Ebola Outbreak Response: The Role of Information Resources and the National Library of Medicine: http://journals.cambridge.org/action/displayAbstract?fromPage=online&aid=9387998&fulltextType=RA&fileId=S1935789314001086&specialArticle=Y

Find additional articles from the special edition: http://journals.cambridge.org/action/displaySpecialArticle?jid=DMP&bespokeId=11228

Searching for Drugs and Chemicals in PubMed (Focus on NLM Resources session)

Sunday, October 19th, 2014

Presenter: Sharon Dennis and Rebeeca Brown, National Library of Medicine Training Center (NTC)

Date / Time: Tuesday, November 4, 2014 / Noon – 1 pm (ET)

Where: https://webmeeting.nih.gov/nlmfocus/

Online / No Registration Required

Summary: During this session, trainers from the National Library of Medicine Training Center (NTC) will help you become familiar with the NLM MeSH vocabulary related to chemicals and drugs, and to get comfortable with searching for drug information in PubMed. They will explain how chemicals, drugs and other substances are described in MeSH, discuss how to search for drugs or chemicals in PubMed, and demonstrate how to search using pharmacological action terms.

Emergency Access Initiative for Ebola

Sunday, October 19th, 2014

John Wiley & Sons will provide free access to biomedical literature in support of the Ebola outbreak relief efforts in West Africa, aiding responders across the affected population.

As part of this initiative, Wiley is partnering with the Emergency Access Initiative (EAI), which includes the National Library of Medicine, the National Network of Libraries of Medicine, and the Professional/Scholarly Publishing Division of the Association of American Publishers.

EAI provides temporary free access to full text articles from major biomedicine titles to healthcare professionals, librarians, and the public affected by disasters. The free access period in response to the Ebola crisis is currently Free access period: August 12, 2014 – November, 14, 2014. Access to over 175 medical and scientific journals includes The Cochrane Library, Angewandte Chemie International Edition, Microbiology and Immunology, and Medical Anthropology Quarterly.

For further information or questions regarding EAI resources, please email custserv@nlm.nih.gov, or call 1-888-346-3656 in the United States, or +1-301-594-5983 internationally.

To view the site visit: http://eai.nlm.nih.gov/

Ebola Information and Resources for School Districts

Sunday, October 19th, 2014

We want to share information sent recently to an NIH Emergency Preparedness listserv that may interest those working in K-12 schools…

From: Emergency Public Health and Medical Partners [mailto:ESF-8-REG2-LISTSERV@LIST.NIH.GOV] On Behalf Of Sloan, Nick
Sent: Friday, October 17, 2014 11:14 AM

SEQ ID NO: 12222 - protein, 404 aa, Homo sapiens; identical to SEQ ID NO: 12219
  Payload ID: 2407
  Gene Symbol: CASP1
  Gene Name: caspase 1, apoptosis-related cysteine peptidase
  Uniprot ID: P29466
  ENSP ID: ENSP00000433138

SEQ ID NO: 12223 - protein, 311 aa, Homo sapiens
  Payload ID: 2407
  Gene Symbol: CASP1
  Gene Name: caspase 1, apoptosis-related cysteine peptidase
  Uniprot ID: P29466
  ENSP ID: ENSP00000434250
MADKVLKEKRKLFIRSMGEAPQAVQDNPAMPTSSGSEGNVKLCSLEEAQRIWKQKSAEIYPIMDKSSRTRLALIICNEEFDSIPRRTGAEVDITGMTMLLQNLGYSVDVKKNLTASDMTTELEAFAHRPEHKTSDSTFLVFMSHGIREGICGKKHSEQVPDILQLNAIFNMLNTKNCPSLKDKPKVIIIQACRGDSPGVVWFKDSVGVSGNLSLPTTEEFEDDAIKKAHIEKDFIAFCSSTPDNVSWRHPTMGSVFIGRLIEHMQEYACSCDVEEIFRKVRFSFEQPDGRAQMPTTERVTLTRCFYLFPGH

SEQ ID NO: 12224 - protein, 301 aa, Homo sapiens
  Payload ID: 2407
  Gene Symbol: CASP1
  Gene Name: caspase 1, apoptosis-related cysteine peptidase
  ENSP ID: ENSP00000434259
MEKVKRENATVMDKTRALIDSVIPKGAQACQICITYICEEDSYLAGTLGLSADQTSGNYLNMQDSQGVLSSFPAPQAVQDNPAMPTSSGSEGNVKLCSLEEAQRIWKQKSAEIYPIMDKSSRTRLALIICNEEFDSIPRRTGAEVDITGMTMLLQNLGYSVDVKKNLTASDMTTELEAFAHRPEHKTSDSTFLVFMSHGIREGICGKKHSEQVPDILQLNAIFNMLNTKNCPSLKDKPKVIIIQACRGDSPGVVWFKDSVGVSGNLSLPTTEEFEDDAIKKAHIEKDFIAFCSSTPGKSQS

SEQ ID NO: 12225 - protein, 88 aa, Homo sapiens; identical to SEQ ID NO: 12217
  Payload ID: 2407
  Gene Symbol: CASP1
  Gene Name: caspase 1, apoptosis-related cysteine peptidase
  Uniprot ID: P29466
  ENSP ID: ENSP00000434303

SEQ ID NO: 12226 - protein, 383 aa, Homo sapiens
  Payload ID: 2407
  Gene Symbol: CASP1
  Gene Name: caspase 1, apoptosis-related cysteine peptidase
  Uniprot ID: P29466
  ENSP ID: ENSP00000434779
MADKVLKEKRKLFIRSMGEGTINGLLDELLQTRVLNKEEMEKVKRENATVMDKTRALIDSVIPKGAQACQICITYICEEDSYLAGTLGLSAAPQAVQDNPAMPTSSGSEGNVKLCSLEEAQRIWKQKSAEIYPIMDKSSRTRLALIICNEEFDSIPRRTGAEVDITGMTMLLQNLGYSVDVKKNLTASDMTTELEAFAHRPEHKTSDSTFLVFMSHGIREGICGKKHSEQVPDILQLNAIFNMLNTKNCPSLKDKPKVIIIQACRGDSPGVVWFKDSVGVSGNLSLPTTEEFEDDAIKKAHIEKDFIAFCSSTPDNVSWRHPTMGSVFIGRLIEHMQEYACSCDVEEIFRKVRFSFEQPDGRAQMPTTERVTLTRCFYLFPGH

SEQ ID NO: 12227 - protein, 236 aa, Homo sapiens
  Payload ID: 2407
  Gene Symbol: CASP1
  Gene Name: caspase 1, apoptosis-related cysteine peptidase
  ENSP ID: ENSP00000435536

To: ESF-8-REG2-LISTSERV@LIST.NIH.GOV
Subject: FW: EBOLA INFO AND RESOURCES FOR SCHOOL DISTRICTS

Please share as you deem appropriate with your school districts around the country.

Nick Sloan, CEM, TEM, HEM, CHS-I

Director of Emergency Management

Environmental Safety & Emergency Management

Subject: EBOLA INFO AND RESOURCES FOR SCHOOL DISTRICTS

Ebola Information and Resources for School Districts

In an effort to keep districts informed so that they may respond to questions from concerned parents about the Ebola virus, we are sharing some resources provided by the Dallas Independent School District. The district hopes that the procedures and steps they took will be of assistance to other school districts should they have the unfortunate experience of having a school impacted by the virus.

Previously, we provided information from the Texas Department of State Health Services and the Centers for Disease Control that might also be useful.

NLM Associate Fellowship Program 2015

Sunday, October 19th, 2014

The National Library of Medicine (NLM) is accepting applications for its Associate Fellowship program, a one-year training program for recent MLS graduates and librarians early in their career.

In the first half of the year, a formal curriculum offers exposure to library operations, research and development, intramural and extramural research, development and lifecycle of NLM’s web-based products and services and the extensive outreach and education program reaching consumers, special populations, health professionals and librarians. In the second half of the year, Associate Fellows have the opportunity to choose projects based on real-world problems proposed by library divisions and work with librarians and library staff over a six-seven month period. Successful projects have led to peer-review publications and to services that have become a regular part of library operations.